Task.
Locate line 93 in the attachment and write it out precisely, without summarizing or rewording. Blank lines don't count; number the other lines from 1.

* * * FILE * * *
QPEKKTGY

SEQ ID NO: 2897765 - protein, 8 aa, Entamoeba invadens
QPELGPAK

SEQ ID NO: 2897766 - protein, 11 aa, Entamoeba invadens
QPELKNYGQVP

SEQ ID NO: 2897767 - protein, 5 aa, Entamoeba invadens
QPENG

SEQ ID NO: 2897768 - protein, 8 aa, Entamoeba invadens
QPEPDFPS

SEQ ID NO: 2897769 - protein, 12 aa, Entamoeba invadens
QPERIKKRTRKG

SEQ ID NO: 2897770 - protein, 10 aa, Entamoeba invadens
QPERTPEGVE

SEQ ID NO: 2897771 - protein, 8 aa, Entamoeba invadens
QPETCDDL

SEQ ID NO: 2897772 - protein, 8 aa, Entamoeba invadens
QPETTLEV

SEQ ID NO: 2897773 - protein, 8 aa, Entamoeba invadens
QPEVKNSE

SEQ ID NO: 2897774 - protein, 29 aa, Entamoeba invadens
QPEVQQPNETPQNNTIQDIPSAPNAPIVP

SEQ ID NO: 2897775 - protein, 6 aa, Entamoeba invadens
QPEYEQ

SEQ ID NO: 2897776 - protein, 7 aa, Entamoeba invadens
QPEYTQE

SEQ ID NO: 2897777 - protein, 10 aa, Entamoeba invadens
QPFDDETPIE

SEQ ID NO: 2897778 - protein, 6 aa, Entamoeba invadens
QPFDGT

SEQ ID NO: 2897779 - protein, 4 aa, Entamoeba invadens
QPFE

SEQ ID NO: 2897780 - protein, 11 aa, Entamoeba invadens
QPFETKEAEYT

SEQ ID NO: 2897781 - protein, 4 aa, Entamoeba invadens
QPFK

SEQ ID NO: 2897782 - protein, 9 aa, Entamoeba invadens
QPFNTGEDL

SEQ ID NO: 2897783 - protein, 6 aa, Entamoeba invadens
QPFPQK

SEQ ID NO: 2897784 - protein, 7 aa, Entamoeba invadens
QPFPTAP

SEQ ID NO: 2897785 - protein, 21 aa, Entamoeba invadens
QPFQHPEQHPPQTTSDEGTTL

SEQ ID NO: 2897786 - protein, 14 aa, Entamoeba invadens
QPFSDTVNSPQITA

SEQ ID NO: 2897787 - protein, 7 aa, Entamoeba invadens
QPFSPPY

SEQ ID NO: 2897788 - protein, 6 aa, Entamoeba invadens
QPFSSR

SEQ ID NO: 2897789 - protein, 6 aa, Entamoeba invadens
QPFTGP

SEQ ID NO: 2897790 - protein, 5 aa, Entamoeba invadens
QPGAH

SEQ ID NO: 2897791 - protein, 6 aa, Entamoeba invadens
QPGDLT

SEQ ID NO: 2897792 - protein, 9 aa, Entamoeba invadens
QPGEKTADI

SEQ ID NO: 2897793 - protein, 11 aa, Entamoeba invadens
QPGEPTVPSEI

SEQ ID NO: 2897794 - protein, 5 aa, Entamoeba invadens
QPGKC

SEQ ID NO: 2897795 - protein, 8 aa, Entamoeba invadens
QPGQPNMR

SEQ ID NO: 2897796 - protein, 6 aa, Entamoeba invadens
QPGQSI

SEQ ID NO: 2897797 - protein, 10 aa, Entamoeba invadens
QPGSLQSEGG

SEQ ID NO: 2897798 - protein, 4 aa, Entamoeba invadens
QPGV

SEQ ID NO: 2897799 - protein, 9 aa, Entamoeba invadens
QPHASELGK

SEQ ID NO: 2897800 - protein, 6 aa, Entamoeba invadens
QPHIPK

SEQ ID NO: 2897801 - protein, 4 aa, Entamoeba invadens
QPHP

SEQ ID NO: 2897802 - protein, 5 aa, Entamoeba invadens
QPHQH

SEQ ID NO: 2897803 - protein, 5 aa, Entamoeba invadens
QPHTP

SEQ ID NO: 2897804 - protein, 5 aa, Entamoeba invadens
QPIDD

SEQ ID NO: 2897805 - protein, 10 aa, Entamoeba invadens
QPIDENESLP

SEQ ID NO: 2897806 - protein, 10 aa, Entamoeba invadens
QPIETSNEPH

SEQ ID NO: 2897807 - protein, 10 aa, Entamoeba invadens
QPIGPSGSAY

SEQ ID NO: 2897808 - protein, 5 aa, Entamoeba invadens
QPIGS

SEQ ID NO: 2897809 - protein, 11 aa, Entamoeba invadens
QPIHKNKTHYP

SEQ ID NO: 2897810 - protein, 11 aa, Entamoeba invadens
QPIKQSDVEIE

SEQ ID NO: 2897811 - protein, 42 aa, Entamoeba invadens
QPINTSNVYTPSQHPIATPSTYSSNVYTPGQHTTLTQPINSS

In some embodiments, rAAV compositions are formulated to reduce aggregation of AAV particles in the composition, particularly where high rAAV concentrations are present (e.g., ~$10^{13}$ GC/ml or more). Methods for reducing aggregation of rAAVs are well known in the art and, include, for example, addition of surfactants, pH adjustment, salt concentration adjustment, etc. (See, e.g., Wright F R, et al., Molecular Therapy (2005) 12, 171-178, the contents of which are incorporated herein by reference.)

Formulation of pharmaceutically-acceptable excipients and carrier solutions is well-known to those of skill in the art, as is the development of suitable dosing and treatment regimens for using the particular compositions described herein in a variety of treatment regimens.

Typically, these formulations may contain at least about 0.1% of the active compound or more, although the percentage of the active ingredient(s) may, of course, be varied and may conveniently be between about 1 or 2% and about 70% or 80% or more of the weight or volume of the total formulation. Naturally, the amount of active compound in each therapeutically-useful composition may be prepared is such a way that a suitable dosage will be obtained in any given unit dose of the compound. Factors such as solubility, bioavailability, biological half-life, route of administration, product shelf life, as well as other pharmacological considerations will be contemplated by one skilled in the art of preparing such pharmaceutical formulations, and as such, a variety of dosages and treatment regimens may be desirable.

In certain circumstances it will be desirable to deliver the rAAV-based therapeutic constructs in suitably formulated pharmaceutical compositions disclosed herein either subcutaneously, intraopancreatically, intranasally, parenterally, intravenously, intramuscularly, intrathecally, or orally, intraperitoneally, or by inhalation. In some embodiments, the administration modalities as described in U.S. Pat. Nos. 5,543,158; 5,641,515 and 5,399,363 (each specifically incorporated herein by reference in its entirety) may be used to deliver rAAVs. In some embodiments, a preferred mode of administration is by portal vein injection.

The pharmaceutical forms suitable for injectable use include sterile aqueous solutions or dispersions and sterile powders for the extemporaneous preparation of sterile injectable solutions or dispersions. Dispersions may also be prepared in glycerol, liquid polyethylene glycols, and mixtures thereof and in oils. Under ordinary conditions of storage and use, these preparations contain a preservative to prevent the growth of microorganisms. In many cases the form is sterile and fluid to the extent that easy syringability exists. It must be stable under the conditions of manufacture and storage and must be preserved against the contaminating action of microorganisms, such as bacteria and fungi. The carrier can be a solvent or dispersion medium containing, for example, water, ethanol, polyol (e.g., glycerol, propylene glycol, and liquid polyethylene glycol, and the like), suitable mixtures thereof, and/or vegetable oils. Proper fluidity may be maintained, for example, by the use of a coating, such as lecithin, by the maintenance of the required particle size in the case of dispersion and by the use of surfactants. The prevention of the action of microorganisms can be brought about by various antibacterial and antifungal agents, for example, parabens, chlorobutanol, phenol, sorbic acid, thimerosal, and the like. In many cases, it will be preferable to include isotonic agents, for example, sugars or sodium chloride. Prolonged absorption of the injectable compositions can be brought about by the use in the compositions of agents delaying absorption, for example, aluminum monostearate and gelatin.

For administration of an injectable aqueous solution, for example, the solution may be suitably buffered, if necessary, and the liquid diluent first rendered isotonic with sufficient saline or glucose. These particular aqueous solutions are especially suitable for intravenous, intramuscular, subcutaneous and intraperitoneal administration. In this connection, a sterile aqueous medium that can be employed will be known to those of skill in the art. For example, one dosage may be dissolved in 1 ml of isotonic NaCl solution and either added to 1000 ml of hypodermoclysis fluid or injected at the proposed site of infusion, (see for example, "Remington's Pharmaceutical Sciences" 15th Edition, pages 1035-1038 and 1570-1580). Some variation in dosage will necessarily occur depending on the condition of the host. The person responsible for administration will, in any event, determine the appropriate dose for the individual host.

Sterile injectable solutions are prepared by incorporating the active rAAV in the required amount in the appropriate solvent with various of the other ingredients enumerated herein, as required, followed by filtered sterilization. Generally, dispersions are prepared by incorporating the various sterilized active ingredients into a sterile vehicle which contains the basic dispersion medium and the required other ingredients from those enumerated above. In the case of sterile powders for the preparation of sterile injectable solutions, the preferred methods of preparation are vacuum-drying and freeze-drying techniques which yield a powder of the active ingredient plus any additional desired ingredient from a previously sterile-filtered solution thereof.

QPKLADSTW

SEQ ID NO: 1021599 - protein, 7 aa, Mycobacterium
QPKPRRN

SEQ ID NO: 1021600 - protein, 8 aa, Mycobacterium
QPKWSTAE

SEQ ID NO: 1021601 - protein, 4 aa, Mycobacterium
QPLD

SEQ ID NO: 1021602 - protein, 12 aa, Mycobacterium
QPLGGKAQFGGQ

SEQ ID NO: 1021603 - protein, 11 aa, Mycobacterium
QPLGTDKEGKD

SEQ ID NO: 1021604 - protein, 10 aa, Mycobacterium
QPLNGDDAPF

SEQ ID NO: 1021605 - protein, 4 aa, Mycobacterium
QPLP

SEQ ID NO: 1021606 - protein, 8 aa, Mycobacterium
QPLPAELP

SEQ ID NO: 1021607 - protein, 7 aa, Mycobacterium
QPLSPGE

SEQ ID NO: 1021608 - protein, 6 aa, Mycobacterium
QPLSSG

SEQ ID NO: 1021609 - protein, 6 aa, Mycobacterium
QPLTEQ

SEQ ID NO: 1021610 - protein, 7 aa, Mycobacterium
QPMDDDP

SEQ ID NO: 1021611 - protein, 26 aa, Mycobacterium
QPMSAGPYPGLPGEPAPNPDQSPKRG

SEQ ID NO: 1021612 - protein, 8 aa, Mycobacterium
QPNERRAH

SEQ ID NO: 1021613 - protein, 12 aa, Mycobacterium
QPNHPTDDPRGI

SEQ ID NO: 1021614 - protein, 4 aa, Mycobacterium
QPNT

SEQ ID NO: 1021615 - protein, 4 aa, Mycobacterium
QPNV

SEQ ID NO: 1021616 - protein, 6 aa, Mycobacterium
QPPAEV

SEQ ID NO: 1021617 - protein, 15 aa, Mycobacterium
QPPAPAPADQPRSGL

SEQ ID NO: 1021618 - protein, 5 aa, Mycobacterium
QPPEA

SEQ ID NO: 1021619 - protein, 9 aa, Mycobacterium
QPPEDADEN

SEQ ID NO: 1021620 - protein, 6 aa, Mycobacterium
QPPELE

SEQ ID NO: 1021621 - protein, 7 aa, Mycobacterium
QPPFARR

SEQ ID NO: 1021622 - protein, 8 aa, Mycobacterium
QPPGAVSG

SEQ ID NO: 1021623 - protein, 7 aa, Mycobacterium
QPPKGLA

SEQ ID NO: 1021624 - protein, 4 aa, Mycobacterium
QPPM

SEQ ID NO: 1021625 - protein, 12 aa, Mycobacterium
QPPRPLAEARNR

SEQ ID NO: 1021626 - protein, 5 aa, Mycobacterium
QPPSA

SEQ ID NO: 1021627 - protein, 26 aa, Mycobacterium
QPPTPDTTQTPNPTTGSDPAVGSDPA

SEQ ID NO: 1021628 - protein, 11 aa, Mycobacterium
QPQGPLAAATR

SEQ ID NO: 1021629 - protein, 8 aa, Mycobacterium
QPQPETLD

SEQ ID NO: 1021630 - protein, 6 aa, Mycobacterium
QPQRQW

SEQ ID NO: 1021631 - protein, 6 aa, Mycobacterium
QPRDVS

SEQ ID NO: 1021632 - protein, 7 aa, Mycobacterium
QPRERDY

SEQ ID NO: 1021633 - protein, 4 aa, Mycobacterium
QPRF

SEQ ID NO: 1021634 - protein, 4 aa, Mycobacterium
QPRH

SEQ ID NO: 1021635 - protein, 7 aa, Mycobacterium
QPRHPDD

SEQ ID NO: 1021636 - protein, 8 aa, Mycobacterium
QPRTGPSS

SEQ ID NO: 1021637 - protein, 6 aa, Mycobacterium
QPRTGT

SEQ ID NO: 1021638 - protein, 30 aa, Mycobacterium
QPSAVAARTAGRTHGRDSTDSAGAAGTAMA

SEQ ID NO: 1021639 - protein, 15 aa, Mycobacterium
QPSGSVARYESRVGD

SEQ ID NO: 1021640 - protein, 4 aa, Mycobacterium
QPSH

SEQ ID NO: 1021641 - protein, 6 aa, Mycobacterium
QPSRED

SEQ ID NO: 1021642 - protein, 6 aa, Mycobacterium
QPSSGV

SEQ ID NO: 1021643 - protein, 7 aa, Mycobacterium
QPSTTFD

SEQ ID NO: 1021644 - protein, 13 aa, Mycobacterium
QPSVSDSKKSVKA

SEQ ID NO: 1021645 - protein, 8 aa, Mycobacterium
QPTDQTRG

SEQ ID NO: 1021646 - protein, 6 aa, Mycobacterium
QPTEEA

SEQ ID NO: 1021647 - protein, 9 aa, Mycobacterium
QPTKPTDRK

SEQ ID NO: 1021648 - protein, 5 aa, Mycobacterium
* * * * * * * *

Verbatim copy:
QPIKQSDVEIE